Wednesday, September 28, 2005

Banned Books

Via Kevin Drum, the ALA's list of 100 books most frequently challenged in 1990-2000. I've read 19, I think.* What's striking about the list is how, in general, the books are very high quality children's literature. You would be hard pressed to find a list of better kid's books. What makes them high quality is that they are willing to take on serious themes, or else are just sufficiently weird as to scare some people. Certainly they may disturb, but at least they take children's literature seriously as a literature.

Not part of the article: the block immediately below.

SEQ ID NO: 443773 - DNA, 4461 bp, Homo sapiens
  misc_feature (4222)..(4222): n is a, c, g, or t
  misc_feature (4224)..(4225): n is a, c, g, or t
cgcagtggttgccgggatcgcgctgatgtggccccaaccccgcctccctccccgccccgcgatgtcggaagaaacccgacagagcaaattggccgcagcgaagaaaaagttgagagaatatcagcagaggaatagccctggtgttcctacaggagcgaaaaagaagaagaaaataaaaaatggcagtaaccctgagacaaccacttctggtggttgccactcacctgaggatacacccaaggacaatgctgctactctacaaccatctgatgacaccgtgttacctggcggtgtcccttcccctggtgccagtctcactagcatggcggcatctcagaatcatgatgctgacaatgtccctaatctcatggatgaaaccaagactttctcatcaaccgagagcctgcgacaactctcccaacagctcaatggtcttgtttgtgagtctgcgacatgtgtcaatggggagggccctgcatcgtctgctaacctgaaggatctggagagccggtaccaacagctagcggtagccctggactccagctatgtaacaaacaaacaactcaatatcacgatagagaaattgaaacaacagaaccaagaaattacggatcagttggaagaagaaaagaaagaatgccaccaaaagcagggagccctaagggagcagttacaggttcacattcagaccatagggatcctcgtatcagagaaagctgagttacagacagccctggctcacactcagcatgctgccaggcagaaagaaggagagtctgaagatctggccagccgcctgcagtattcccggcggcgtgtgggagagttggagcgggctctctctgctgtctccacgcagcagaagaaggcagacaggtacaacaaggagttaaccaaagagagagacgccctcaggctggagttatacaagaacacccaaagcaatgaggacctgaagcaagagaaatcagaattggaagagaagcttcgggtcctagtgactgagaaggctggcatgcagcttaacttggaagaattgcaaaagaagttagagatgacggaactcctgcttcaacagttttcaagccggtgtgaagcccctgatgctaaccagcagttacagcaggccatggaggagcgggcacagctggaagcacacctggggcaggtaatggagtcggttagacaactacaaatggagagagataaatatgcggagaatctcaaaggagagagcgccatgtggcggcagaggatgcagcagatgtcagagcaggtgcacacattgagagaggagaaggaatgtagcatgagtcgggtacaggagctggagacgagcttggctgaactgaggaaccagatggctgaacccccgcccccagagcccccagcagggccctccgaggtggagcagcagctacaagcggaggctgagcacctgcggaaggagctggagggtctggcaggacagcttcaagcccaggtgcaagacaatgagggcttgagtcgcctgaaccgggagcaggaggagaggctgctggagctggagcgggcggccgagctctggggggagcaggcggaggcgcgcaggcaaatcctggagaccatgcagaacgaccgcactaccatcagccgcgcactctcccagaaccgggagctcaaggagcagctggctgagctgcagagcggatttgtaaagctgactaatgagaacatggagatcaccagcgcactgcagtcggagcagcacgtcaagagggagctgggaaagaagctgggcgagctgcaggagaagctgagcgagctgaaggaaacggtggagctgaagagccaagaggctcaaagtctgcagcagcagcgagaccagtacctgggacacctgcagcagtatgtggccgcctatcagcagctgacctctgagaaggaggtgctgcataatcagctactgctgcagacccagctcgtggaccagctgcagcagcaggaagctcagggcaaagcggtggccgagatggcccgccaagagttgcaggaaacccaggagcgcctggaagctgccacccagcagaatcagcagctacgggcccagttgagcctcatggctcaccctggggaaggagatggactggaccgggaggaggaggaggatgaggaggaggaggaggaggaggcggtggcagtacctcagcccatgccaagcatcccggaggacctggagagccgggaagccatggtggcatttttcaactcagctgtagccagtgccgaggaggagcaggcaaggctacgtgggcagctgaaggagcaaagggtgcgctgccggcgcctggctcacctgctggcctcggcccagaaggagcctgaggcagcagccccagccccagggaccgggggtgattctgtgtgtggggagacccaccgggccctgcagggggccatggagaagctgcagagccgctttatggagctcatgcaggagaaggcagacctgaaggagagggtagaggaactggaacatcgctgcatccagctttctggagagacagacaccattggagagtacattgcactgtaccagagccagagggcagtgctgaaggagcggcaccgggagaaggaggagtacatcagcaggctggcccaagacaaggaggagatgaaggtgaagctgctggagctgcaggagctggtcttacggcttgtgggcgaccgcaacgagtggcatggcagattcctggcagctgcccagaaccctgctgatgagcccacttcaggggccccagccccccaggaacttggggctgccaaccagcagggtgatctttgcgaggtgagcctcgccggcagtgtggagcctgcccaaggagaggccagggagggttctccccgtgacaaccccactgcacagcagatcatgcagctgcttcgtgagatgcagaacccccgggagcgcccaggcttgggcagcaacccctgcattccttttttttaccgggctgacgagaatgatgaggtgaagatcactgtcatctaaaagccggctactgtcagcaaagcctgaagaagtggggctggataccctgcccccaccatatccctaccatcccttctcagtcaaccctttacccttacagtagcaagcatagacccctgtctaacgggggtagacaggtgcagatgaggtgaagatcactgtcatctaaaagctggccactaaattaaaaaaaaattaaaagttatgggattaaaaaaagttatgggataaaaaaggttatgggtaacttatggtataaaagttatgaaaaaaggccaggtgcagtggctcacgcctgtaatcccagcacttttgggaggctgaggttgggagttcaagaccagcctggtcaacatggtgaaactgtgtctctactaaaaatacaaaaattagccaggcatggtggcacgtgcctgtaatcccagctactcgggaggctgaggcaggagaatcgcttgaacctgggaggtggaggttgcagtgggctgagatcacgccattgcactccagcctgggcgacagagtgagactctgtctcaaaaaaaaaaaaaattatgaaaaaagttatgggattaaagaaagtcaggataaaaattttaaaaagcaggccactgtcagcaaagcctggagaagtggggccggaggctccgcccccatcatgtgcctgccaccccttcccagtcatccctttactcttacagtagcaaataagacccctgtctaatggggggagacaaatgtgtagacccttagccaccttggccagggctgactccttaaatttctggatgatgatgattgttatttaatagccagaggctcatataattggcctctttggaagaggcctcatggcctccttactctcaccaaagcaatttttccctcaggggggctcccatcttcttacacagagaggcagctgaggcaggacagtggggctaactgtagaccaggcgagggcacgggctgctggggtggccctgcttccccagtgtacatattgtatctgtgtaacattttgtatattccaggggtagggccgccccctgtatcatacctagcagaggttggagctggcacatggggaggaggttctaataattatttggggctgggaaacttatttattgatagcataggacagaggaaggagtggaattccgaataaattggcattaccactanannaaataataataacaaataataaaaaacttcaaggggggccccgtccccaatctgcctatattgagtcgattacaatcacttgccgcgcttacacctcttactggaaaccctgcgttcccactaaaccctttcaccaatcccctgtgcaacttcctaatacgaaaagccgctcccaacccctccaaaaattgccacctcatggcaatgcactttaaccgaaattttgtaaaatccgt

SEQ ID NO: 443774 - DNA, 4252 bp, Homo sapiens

Looking back on all the books I read as a youngster, I can't help but think how few (did any?) actually made an impression on me. I certainly loved turning the pages and seeing how the words were strung together, but the actual content? Hell, I still have trouble reading for content. Which is to say that expecting kids to be disturbed by themes in a book is, perhaps, expecting them to be much more sophisticated than many (some? a few?) of them are. And even if they prove far more intelligent than I often was and get the theme, it's unclear that it will prove particularly disturbing.

*Assuming that having read at least one member of a series counts as having read the series: this applies to Goosebumps and Harry Potter.

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